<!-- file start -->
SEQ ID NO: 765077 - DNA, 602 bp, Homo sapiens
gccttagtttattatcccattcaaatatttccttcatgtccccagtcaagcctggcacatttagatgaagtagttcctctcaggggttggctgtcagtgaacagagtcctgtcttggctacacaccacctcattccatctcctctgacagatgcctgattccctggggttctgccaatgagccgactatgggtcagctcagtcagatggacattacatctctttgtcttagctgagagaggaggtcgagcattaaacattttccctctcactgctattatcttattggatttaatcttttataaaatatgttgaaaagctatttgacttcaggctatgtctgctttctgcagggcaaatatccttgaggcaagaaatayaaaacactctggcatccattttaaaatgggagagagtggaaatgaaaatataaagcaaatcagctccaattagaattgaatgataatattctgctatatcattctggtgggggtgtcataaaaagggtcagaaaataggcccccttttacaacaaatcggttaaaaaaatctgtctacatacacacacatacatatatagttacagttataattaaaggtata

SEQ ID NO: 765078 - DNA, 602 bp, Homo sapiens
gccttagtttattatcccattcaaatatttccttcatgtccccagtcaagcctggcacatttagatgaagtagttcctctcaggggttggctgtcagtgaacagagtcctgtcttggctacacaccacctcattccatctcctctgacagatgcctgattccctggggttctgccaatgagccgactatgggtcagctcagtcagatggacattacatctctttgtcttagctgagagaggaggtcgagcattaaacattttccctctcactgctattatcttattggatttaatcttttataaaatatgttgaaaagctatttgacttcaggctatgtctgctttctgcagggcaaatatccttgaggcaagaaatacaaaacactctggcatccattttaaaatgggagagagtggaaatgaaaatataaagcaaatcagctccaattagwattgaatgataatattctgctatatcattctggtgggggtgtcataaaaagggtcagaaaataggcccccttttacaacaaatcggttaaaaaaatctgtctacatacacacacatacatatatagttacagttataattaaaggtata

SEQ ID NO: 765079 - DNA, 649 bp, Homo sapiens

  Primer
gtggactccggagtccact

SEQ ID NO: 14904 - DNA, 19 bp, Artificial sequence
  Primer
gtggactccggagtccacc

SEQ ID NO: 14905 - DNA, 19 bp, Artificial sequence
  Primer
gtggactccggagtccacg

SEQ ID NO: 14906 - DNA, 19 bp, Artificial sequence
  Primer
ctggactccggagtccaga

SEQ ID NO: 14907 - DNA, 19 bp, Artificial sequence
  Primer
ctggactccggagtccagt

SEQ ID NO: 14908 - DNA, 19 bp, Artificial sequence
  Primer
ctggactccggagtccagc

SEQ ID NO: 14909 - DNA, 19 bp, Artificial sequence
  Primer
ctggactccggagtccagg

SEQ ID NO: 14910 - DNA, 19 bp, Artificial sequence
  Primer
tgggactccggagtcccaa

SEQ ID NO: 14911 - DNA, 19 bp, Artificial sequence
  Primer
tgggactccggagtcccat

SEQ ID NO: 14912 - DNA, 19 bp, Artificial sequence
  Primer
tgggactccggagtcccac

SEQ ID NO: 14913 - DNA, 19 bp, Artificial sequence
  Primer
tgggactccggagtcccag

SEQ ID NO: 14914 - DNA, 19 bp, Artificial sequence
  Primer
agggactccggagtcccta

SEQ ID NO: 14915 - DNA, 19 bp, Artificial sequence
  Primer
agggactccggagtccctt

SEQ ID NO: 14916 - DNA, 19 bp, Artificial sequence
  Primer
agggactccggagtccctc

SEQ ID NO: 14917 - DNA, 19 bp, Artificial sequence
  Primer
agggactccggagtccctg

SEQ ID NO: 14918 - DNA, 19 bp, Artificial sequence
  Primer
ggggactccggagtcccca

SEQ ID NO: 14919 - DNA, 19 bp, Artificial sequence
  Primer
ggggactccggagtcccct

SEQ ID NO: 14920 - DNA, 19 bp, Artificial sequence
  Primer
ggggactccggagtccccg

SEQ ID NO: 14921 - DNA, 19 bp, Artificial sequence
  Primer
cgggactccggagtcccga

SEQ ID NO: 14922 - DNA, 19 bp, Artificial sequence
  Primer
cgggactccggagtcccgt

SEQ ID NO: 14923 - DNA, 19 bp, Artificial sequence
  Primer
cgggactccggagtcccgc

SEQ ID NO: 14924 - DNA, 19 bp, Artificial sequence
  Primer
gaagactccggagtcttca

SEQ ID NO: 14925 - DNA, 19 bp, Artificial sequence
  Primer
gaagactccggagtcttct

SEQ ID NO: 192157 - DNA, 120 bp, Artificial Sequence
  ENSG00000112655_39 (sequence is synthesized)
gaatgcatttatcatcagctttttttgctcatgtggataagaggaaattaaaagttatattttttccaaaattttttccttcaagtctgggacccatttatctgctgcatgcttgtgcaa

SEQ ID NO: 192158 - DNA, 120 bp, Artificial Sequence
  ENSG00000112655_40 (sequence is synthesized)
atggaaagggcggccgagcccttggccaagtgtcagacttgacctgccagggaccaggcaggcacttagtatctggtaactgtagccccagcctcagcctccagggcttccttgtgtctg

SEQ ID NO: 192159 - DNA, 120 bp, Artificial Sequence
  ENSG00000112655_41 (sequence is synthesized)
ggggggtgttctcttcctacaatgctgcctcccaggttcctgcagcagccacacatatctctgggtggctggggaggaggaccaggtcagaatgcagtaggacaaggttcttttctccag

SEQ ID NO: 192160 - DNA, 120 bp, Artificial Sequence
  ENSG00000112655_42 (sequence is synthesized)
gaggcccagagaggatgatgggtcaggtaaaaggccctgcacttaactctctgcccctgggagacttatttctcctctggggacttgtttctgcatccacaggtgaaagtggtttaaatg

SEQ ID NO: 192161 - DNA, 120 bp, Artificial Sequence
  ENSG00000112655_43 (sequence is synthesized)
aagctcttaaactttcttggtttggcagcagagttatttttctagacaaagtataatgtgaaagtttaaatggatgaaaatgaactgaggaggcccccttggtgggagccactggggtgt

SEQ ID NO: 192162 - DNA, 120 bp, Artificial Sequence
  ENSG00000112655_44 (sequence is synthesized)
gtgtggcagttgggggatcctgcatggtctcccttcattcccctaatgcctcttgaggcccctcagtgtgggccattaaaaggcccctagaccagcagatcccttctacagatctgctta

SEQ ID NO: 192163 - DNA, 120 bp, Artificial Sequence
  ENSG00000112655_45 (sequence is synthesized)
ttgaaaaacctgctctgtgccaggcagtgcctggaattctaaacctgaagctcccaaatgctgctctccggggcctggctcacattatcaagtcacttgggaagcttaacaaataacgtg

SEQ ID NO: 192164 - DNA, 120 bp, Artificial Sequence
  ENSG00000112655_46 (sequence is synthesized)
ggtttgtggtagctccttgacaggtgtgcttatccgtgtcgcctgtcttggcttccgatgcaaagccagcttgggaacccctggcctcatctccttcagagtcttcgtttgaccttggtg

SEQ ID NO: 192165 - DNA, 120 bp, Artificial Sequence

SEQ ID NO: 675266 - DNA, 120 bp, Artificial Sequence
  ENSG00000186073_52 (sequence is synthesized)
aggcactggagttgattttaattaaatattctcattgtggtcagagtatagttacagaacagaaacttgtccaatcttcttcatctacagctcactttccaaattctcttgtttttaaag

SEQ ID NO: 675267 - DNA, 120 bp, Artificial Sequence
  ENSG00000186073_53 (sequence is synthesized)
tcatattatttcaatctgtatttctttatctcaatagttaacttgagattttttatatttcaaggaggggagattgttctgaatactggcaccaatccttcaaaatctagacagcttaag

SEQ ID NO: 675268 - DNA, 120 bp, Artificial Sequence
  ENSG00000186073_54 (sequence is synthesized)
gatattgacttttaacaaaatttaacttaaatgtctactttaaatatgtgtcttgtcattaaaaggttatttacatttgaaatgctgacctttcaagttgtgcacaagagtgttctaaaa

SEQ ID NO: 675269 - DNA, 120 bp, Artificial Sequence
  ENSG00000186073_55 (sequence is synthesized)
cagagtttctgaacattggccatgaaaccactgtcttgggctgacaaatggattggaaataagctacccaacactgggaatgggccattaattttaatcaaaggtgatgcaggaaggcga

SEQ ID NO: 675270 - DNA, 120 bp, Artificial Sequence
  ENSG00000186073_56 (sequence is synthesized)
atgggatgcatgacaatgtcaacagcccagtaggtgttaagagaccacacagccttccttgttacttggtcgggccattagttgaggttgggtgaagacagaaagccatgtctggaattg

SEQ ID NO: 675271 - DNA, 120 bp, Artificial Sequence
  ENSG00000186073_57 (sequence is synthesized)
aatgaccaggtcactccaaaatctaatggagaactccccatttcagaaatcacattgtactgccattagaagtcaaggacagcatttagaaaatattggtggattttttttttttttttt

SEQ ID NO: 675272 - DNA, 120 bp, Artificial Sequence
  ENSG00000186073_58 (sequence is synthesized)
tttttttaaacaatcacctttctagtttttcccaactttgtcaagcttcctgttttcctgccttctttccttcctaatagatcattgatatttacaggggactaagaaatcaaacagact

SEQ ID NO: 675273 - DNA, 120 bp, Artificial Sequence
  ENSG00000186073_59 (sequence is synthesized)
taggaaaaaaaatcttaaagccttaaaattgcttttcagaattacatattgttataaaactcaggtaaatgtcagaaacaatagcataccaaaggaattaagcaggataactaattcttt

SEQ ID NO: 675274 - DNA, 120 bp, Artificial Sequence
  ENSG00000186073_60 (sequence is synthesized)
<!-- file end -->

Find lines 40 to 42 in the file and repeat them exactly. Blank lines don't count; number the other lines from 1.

agggactccggagtcccta

SEQ ID NO: 14915 - DNA, 19 bp, Artificial sequence
  Primer